January 2012

Workers Discover Ice Age Mastodon Bones in Florida

mastodon skeletonmastodon skeleton

mastodon skeleton
Scientists and volunteers hope to find enough mastodon bones to make a complete skeleton like this one.

A sunny Florida beach town may be the last place people would expect to find the remains of an Ice Age creature. Yet that’s just what workers discovered recently in Daytona Beach, Florida. While digging at a construction site there, workers found some unusual bones in the mud. Scientists determined that the bones were from a mastodon, a hairy, elephant-like animal that lived in North America thousands of years ago.

During the last Ice Age, Florida’s climate was not as hot and humid as it is today. It was cooler and drier. Large animals, such as mastodons, saber-toothed cats, and giant sloths roamed the land. Scientists think that the Daytona mastodon lived in Florida at least 13,000 years ago.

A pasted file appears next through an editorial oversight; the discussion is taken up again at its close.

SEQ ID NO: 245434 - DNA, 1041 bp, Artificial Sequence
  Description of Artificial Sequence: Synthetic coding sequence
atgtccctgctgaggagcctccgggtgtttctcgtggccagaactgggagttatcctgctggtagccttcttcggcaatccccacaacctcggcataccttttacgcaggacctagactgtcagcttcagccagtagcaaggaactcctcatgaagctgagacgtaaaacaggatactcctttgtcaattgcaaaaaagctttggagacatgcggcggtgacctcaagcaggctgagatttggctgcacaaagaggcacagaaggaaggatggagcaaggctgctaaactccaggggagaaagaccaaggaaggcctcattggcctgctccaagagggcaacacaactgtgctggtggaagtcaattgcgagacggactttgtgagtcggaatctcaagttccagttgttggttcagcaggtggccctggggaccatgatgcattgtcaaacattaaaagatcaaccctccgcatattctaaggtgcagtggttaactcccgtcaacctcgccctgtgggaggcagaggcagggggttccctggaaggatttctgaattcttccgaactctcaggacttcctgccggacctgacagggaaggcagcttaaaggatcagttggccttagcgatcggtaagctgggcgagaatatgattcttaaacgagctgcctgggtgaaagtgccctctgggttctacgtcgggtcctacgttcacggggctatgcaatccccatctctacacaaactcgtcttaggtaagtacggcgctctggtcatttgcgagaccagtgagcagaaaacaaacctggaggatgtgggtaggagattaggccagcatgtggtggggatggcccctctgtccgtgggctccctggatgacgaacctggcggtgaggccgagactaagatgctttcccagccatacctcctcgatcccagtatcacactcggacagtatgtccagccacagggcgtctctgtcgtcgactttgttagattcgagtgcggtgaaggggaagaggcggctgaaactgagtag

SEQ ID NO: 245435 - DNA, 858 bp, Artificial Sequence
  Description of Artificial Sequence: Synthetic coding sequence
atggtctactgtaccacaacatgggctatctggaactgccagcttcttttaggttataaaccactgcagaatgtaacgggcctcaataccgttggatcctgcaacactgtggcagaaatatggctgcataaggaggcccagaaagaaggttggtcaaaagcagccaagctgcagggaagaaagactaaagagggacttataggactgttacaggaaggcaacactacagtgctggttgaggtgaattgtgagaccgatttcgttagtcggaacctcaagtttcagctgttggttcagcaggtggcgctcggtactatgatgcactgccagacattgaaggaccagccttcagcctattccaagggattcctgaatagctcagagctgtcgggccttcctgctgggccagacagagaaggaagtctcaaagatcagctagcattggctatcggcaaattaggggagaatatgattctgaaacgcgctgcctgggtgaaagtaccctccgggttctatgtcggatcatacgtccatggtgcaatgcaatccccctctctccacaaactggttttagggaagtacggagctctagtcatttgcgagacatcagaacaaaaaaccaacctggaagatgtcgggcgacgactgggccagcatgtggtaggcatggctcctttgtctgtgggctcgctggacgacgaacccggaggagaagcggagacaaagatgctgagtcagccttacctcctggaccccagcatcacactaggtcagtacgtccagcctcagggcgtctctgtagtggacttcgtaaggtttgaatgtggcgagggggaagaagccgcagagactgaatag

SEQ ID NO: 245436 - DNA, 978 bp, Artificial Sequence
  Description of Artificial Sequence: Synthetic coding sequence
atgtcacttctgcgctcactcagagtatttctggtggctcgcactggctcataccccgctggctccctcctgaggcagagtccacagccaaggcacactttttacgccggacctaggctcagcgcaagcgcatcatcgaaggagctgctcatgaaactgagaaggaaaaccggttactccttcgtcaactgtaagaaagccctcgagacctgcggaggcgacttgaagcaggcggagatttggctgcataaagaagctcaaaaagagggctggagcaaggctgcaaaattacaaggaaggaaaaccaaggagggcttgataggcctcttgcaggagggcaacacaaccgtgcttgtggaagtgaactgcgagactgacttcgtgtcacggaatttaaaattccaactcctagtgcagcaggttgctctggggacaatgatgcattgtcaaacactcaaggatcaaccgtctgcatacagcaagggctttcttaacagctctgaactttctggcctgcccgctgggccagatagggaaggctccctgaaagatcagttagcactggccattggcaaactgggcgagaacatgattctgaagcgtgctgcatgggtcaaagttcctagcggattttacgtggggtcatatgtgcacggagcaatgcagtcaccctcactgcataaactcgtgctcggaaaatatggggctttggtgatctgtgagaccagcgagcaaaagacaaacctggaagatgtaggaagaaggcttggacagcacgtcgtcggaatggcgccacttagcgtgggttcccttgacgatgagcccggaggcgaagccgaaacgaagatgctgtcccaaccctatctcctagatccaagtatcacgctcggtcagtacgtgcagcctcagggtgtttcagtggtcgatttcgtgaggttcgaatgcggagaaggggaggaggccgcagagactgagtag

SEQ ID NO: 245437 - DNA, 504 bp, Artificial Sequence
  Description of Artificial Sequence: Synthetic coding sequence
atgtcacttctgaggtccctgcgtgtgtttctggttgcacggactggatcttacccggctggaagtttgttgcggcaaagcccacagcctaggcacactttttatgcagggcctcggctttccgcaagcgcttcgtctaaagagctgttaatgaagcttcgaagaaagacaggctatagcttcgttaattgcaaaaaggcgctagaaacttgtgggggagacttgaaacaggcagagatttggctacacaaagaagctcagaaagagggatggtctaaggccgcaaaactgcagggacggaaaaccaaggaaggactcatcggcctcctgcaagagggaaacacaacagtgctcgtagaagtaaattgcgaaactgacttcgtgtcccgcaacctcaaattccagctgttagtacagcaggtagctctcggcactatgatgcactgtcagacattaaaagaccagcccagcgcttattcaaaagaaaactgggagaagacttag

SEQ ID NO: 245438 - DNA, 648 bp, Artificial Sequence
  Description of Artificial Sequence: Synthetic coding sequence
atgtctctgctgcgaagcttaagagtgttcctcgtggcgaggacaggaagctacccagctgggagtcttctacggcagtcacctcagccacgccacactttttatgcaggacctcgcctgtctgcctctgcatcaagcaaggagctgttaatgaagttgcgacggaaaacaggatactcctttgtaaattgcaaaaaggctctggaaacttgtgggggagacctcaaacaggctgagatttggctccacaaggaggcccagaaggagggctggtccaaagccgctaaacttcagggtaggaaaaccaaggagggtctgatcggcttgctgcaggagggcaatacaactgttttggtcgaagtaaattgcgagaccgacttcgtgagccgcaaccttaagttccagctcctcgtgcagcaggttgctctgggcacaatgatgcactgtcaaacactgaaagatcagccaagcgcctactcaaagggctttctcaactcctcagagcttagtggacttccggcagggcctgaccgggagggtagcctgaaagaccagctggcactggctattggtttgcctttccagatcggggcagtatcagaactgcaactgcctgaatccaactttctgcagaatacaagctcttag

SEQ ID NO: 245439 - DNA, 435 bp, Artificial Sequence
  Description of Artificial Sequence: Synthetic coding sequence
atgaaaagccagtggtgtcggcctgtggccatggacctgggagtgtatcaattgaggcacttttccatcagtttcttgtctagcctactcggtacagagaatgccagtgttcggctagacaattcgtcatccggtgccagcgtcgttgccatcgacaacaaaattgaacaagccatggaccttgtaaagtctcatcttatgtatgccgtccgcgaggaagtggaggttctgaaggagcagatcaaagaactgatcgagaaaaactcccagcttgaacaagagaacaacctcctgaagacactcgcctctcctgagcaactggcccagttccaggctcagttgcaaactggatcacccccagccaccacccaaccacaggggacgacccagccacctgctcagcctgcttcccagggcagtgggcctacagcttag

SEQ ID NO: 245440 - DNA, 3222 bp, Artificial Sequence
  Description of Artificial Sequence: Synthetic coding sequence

Scientists say that the layers of muck in Florida’s ground helped preserve the mastodon’s bones all these years. The muck blocked oxygen that would normally cause bones to rot and decay. For this reason, many prehistoric fossils have been found in Florida. In fact, so many fossils have been found in Central Florida that some people call the region “Bone Valley.”

After the mastodon remains were discovered, volunteers joined the scientists at the dig site to find more pieces of the mastodon. Schoolchildren helped with the search, too. Scientists and volunteers found two tusks, two large vertebrae, teeth, a jawbone, pieces of a skull, rib fragments, and part of a leg bone. They hope to find enough bones to add up to a complete skeleton. The mastodon bones will eventually be put on display at the Museum of Arts and Sciences in Daytona Beach.

Image credit: ©Julie Dermansky/Photo Researchers, Inc.

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Question 1
Where were the mastodon bones discovered?





 
Question 2
What helped preserve the mastodon’s bones for so many years?






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